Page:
Medicare vs. Medicaid
Medicare and Medicaid are terms you often hear together. That’s because both are government programs. However, they work differently. Dual Special Needs Plans include Medicare and Medicaid benefits. People may qualify for Medicare, Medicaid or both, depending on their situation. Let’s go over how each of these plans work.
The difference between Medicare and Medicaid
Here's how to help understand the difference between these two government programs.
Medicare is a national health insurance program run by the federal government. Medicare covers people age 65 and older and some people under age 65 who may qualify due to a disability or another special situation. There are 4 different parts to Medicare. This helps give people more health care choices, so they can pick the health care plan that best meets their needs.
Medicaid is a way to get health care at a lower cost or sometimes at no cost to you. Medicaid is managed by each state, so the eligibility requirements can change from state to state. Your state may even have its own name for its Medicaid program.
Eligible for both Medicare and Medicaid?
Dual Special Needs Plans (D-SNP) are for people who could use some extra help. That may be because of income, disabilities, age and/or health conditions. Dual eligible health plans are a special type of Medicare Part C (Medicare Advantage) plan. You’ll keep all your Medicaid benefits. Plus, you could get more benefits than with Original Medicare. And you could get it all for a $0 plan premium.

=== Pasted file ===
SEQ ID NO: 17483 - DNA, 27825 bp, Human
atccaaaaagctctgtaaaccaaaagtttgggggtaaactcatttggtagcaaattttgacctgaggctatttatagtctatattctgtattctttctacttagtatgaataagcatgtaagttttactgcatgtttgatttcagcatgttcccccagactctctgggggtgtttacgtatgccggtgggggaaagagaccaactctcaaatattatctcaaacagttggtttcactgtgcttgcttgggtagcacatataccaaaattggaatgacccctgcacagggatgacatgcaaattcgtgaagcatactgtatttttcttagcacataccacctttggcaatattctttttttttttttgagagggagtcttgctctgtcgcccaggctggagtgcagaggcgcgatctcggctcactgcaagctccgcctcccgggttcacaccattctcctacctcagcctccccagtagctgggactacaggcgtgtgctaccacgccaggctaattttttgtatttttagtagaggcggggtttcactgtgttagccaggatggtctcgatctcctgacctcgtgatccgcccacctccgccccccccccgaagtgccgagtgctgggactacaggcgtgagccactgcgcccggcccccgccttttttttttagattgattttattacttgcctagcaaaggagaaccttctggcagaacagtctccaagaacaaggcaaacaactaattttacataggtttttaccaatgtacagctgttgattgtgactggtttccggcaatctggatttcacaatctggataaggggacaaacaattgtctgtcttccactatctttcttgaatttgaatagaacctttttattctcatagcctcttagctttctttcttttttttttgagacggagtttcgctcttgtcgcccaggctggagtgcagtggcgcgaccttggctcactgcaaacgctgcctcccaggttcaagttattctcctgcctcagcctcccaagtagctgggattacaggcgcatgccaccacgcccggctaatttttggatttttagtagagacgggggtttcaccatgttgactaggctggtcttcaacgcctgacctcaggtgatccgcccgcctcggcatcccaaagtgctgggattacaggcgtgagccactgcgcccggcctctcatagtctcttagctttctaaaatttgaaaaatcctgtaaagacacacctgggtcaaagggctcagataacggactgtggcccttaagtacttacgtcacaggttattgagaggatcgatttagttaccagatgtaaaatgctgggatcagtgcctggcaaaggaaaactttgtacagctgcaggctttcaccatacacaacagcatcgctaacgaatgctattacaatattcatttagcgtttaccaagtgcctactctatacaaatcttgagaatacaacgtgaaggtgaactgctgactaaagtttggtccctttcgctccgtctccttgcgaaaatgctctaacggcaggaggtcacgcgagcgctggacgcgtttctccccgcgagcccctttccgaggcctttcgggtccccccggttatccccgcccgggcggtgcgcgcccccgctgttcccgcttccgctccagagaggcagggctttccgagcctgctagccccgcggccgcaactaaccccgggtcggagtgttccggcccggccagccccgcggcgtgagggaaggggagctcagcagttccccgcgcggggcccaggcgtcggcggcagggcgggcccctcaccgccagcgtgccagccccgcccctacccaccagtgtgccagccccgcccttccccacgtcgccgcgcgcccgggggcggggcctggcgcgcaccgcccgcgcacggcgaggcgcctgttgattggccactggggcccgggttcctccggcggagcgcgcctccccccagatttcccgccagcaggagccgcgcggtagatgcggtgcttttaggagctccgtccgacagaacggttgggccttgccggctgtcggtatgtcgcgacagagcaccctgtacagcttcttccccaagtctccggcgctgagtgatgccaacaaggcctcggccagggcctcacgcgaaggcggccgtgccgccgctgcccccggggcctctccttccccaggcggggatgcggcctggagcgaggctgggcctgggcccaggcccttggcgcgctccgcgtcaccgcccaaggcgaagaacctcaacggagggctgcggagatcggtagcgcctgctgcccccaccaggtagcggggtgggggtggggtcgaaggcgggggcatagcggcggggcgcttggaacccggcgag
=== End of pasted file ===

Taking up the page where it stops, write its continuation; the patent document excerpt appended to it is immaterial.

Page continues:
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Find short term health insurance
During times of transition, short term health insurance can help you fill a gap in coverage from 1 month to just under a year.1
- Product design and availability vary by state. Term lengths available vary by state.
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All products require separate applications. Separate policies or certificates are issued. Golden Rule Short term Medical plans are medically underwritten and do not provide coverage for preexisting conditions or meet the mandated coverage necessary to avoid tax penalty under the Affordable Care Act (ACA). Expiration or termination of a Short Term Medical plan does not trigger an ACA Special Enrollment opportunity. Related insurance products offered by either company may be medically underwritten—see the product brochures and applications.
Short term health insurance is medically underwritten and does not cover preexisting conditions. It does not meet minimum essential coverage requirements, meaning signing up for this coverage may result in a tax penalty.